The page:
The next stage of manufacture involves mixing the lead oxide powder with acid, water, and proprietary additives to produce a paste have a consistency similar to thick toothpaste. This is then pasted onto the lead grids. For VRLA GEL cells using Tubular Plates, the process is quite different and the active material is “inserted” into the tubes as slurry or a dry powder.

Tubular plate cells and increasingly pasted plate types have a rather special lead compound added; triplumbic tetroxide (Pb3O4). This material enhances the plate formation acting as a catalyst to produce a more even and consistent active material in the finished product. It is normally produced by a specialist manufacturing plant rather than the battery manufacturer. Relatively speaking it is several times more expensive to produce when compared with lead oxide (PbO2).

It is normal to add a colour element to differentiate between positive and negative paste. Carbon black is often added which arguably improved conductivity. This is a good identifier.

Areas open to error are:- a) Poor quality control of impurities in the lead, lead alloys and dilute sulphuric acid. b) Poor control of particle size and free lead content. c) Poor control of paste density.


Corrosion of the grids is at the front of the battery manufacturers mind and many different alloys and manufacturing methods have been tried to minimise this corrosion. It does not always follow that thick grids will last longer than thin grids. Thick grids will undoubtedly last longer than thin grids, all other aspects remaining the same. Development has taken place and today thin grids with exceptional corrosion resistance are now common place.

The alloys used are normally pure lead, tin, calcium or cadmium. Some exotic alloys are also used but these are very special and not commonly available and in most instances are regarded as “experimental”.

As with the active material, the purity of the lead and alloying element play an important part in achieving the design life. The design of the grids also affects the performance and life of the product. Radial grids are popular with automotive batteries and are increasing in popularity for VRLA industrial products. Inboard lugs, tapered group bars, large inter cell connectors etc all play an important part in the overall design which ultimately will affect the internal resistance and terminal voltage on discharge.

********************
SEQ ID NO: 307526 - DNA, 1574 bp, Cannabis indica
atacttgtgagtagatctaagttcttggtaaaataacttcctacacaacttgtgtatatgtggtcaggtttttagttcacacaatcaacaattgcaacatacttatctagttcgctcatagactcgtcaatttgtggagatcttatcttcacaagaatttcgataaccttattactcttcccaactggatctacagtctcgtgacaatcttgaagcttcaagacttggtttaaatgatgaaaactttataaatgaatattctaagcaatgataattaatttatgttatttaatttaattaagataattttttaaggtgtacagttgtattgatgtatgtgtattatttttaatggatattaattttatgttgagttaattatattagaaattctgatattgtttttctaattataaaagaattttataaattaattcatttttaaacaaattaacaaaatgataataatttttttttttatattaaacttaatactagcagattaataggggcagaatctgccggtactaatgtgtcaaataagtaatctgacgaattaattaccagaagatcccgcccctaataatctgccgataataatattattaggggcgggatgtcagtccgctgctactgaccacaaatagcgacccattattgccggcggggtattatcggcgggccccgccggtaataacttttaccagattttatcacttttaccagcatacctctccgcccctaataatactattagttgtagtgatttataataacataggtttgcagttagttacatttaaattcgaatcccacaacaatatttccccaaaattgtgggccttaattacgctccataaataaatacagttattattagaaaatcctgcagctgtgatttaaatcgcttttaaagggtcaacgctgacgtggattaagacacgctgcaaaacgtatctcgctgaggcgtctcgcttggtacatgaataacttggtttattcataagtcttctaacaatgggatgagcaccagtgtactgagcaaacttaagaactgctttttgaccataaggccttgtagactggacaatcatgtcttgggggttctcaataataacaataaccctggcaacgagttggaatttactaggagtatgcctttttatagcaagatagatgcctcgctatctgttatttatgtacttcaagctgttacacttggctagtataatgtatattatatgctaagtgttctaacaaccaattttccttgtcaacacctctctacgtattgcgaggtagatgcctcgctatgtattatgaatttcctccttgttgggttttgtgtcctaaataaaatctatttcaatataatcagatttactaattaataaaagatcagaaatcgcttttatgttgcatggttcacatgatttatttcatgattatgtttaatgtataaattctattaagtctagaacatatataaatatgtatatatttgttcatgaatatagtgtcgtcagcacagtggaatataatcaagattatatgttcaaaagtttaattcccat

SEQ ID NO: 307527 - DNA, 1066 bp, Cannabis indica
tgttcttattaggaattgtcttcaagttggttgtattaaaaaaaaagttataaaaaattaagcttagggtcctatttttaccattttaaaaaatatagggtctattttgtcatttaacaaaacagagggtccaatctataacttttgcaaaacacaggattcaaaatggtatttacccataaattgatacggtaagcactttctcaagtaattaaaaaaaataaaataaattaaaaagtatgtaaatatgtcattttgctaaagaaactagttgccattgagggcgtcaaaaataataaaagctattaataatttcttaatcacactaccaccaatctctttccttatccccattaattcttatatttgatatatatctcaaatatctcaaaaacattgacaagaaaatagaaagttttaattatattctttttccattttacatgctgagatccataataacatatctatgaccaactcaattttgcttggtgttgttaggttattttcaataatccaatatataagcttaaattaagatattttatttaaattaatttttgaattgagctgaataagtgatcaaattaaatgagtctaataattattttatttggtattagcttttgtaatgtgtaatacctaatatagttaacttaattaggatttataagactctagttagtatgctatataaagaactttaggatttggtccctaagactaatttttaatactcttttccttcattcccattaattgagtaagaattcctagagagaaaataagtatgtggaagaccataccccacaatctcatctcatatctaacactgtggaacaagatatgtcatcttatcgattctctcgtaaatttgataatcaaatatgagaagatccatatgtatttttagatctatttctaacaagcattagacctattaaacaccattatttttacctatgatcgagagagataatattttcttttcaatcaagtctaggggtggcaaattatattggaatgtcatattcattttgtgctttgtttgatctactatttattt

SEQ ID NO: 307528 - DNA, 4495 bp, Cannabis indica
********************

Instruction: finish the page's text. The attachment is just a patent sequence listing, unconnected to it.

Thin grids have, for many years, been frowned upon but with the availability of very pure lead and by using the correct additives such as tin, superior products have been developed. It is interesting to note that the very first VRLA AGM cells used pure lead grids. The level of tin in the plates varies but typically this is between 2% and 3%. The “hardening agent” such as calcium and cadmium are introduced at much lower levels and it is true to say that the lower the better. Typically 0.05% to 0.10% calcium is added. Some batteries do not contain any “hardening agent” making them delicate to handle in manufacture but resulting in an exceptional product with a very long life.

The lead grids are usually manufactured using a gravity casting process. Grid weight is controlled by the operator attending to release agents and mould “maintenance” which is ongoing throughout the casting process. Grids are weighed at regular intervals to ensure compliance with the specification. An under-weight grid will result is a lower performance and a reduced life while a grid heavier than the design specification will cost more in material and profitability will suffer.

Casting Machines Image 2

Grids are also manufactured using a rolled and punching method. This latter method results in a very stable grain structure similar to forged steel when compared with case iron. With a more stable grain structure corrosion resistance is enhanced. When a lead tin alloy is used for rolled and punched grids they can be very thin with a finished grid thickness as low as 0.6mm. By using robotic machinery to assemble finished plates into the containers, thinner plates can be accommodated which results in better active material utilisation and superior high rate performance. Unfortunately there is a cost to this process because thin plates are more difficult to handle in a volume production cycle. For many years finished plates were assembled into the containers by hand.

Before pasting the grids with the active material, they are allowed to age harden for several days and sometimes even weeks. The grids become more robust which makes the next stage of pasting easier.

Areas open to error are:-